FAQ

FAQ - VictoriaMetrics Anomaly Detection

What is VictoriaMetrics Anomaly Detection (vmanomaly)?#

VictoriaMetrics Anomaly Detection, also known as vmanomaly, is a service for detecting unexpected changes in time series data. Utilizing machine learning models, it computes and pushes back an “anomaly score” for user-specified metrics. This hands-off approach to anomaly detection reduces the need for manual alert setup and can adapt to various metrics, improving your observability experience.

Please refer to our guide section to find out more.

Note: vmanomaly is a part of enterprise package. You need to get a free trial license for evaluation.

What is anomaly score?#

Among the metrics produced by vmanomaly (as detailed in vmanomaly output metrics), anomaly_score is a pivotal one. It is a continuous score > 0, calculated in such a way that scores ranging from 0.0 to 1.0 usually represent normal data, while scores exceeding 1.0 are typically classified as anomalous. However, it’s important to note that the threshold for anomaly detection can be customized in the alert configuration settings.

The decision to set the changepoint at 1.0 is made to ensure consistency across various models and alerting configurations, such that a score above 1.0 consistently signifies an anomaly, thus, alerting rules are maintained more easily.

Note: anomaly_score is a metric itself, which preserves all labels found in input data and (optionally) appends custom labels, specified in writer - follow the link for detailed output example.

How is anomaly score calculated?#

For most of the univariate models that can generate yhat, yhat_lower, and yhat_upper time series in their output (such as Prophet or Z-score), the anomaly score is calculated as follows:

  • If yhat (expected series behavior) equals y (actual value observed), then the anomaly score is 0.
  • If y (actual value observed) falls within the [yhat_lower, yhat_upper] confidence interval, the anomaly score will gradually approach 1, the closer y is to the boundary.
  • If y (actual value observed) strictly exceeds the [yhat_lower, yhat_upper] interval, the anomaly score will be greater than 1, increasing as the margin between the actual value and the expected range grows.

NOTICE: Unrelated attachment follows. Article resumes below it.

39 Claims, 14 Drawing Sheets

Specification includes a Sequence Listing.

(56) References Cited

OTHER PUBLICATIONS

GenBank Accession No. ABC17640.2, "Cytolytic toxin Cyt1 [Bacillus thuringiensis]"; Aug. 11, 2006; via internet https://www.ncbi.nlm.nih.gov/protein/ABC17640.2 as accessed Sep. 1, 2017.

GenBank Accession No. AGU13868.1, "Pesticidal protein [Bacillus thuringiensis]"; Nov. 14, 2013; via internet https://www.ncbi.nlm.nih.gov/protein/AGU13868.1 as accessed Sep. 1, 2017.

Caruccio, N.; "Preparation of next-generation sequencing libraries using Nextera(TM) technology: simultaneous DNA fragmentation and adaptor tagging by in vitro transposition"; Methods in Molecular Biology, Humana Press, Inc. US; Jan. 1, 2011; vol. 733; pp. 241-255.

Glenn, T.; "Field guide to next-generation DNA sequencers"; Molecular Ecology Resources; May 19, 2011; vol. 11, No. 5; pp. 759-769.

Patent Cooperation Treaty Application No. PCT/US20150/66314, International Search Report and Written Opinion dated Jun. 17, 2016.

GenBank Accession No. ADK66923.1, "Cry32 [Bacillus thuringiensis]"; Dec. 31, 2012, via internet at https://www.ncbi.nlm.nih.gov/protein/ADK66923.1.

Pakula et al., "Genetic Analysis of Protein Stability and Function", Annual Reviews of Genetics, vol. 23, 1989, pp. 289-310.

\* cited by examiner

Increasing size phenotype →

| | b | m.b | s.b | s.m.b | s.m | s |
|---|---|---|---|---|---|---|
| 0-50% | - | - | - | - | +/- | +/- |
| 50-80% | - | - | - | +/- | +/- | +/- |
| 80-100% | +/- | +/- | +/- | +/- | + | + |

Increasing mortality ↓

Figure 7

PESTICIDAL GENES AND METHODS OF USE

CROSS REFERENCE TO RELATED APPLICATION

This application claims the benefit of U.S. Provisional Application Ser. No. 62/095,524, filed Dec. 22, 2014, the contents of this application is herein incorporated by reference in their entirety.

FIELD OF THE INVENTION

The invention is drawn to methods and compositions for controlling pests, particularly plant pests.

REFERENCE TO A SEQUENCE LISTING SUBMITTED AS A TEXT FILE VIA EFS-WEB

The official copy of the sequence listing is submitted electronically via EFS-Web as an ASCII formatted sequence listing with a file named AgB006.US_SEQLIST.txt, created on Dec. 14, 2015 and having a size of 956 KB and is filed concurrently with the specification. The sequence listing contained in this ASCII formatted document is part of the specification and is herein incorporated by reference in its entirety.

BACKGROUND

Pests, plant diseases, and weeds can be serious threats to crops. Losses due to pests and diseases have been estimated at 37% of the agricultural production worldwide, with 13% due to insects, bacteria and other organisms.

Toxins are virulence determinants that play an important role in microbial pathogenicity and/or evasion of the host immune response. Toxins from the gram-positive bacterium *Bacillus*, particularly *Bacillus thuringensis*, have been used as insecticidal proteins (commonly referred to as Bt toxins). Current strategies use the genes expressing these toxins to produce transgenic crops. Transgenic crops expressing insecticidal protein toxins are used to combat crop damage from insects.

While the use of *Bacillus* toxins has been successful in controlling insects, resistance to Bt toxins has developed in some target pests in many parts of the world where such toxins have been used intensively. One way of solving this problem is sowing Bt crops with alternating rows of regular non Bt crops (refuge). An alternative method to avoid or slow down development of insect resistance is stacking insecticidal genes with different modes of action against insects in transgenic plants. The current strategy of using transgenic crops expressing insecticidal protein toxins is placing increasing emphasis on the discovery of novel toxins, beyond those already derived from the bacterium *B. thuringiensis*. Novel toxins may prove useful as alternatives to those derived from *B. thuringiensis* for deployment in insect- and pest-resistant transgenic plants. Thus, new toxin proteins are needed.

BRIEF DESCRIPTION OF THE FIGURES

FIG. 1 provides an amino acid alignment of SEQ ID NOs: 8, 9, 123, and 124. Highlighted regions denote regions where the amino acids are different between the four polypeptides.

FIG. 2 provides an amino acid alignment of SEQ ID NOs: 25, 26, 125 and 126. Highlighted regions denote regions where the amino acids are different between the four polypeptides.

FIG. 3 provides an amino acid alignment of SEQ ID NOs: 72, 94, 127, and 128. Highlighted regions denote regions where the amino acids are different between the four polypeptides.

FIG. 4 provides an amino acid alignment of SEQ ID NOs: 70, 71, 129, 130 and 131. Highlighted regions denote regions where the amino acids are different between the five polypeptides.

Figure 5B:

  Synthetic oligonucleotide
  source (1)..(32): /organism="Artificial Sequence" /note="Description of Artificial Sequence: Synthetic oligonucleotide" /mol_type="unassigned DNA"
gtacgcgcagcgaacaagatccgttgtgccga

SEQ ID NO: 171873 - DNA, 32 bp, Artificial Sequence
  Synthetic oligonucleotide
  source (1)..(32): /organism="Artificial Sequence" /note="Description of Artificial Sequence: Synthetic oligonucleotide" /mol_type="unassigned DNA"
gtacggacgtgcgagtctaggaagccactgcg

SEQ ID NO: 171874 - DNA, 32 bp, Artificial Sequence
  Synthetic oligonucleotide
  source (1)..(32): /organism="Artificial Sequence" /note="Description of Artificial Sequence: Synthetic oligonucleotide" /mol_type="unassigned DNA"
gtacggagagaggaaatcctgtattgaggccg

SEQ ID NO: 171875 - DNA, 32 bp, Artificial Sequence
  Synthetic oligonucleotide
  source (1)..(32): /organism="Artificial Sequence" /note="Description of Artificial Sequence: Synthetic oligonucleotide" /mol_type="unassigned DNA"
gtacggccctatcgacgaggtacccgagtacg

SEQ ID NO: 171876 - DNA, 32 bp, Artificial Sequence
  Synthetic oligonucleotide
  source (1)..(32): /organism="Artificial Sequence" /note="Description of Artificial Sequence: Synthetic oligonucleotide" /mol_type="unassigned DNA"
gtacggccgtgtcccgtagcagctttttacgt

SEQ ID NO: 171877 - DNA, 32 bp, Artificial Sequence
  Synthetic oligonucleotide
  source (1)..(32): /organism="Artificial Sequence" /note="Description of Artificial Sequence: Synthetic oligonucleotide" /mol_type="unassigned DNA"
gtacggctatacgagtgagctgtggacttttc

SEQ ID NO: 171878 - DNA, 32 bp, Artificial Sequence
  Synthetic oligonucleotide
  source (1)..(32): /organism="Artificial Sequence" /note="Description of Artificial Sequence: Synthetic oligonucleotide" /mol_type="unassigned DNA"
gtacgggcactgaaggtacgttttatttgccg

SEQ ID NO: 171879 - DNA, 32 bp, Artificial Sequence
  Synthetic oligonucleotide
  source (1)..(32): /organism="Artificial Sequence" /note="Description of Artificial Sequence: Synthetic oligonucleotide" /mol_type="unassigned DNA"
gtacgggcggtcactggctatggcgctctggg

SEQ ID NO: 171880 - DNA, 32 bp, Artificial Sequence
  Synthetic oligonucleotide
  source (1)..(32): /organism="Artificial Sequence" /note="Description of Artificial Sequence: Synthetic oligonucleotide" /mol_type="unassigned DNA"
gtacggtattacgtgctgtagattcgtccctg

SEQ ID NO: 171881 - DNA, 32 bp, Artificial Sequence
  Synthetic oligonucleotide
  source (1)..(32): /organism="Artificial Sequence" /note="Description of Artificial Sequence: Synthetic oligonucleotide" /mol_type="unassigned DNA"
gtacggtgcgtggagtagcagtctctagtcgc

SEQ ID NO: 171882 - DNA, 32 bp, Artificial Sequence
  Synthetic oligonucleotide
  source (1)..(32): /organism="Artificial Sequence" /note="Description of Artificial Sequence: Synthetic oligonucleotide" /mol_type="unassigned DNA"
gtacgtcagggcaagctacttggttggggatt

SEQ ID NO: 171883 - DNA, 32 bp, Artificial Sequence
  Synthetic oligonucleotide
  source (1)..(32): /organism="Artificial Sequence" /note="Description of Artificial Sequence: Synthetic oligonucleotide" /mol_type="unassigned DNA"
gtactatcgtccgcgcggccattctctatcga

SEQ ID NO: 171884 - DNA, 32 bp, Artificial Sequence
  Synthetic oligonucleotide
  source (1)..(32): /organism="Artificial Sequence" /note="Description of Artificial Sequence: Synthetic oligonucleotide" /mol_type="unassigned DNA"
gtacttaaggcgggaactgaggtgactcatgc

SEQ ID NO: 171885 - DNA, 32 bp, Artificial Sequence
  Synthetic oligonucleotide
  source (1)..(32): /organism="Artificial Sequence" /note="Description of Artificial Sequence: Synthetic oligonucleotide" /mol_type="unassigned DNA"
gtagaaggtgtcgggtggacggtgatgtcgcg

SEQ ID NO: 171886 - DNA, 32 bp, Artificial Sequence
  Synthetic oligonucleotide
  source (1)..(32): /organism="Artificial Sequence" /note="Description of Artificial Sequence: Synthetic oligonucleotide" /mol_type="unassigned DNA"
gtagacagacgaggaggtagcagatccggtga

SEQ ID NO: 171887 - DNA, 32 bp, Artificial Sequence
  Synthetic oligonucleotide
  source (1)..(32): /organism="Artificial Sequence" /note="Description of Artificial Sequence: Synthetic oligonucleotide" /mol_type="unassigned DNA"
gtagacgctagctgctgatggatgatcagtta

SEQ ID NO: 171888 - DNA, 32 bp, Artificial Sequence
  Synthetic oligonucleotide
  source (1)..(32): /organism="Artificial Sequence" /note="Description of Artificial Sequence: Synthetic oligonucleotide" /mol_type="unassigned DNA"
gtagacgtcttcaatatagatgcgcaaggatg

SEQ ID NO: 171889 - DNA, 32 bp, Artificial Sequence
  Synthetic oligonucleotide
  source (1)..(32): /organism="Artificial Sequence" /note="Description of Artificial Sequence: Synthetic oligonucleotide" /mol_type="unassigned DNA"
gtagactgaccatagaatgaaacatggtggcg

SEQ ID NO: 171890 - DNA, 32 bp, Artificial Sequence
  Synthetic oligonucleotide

Please see example graph illustrating this logic below:

anomaly-score-calculation-example

How does vmanomaly work?#

vmanomaly applies built-in (or custom) anomaly detection algorithms, specified in a config file. Although a single config file supports one model, running multiple instances of vmanomaly with different configs is possible and encouraged for parallel processing or better support for your use case (i.e. simpler model for simple metrics, more sophisticated one for metrics with trends and seasonalities).

  1. For more detailed information, please visit the overview section.
  2. To view a diagram illustrating the interaction of components, please explore the components section.

What data does vmanomaly operate on?#

vmanomaly operates on data fetched from VictoriaMetrics, where you can leverage full power of MetricsQL for data selection, sampling, and processing. Users can also apply global filters for more targeted data analysis, enhancing scope limitation and tenant visibility.

Respective config is defined in a reader section.

Handling noisy input data#

vmanomaly operates on data fetched from VictoriaMetrics using MetricsQL queries, so the initial data quality can be fine-tuned with aggregation, grouping, and filtering to reduce noise and improve anomaly detection accuracy.

Output produced by vmanomaly#

vmanomaly models generate metrics like anomaly_score, yhat, yhat_lower, yhat_upper, and y. These metrics provide a comprehensive view of the detected anomalies. The service also produces health check metrics for monitoring its performance.

Choosing the right model for vmanomaly#

Selecting the best model for vmanomaly depends on the data’s nature and the types of anomalies to detect. For instance, Z-score is suitable for data without trends or seasonality, while more complex patterns might require models like Prophet.

Also, starting from v1.12.0 it’s possible to auto-tune the most important params of selected model class, find the details here.

Please refer to respective blogpost on anomaly types and alerting heuristics for more details.

Still not 100% sure what to use? We are here to help.

Alert generation in vmanomaly#

While vmanomaly detects anomalies and produces scores, it does not directly generate alerts. The anomaly scores are written back to VictoriaMetrics, where an external alerting tool, like vmalert, can be used to create alerts based on these scores for integrating it with your alerting management system.

Preventing alert fatigue#

Produced anomaly scores are designed in such a way that values from 0.0 to 1.0 indicate non-anomalous data, while a value greater than 1.0 is generally classified as an anomaly. However, there are no perfect models for anomaly detection, that’s why reasonable defaults expressions like anomaly_score > 1 may not work 100% of the time. However, anomaly scores, produced by vmanomaly are written back as metrics to VictoriaMetrics, where tools like vmalert can use MetricsQL expressions to fine-tune alerting thresholds and conditions, balancing between avoiding false negatives and reducing false positives.

How to backtest particular configuration on historical data?#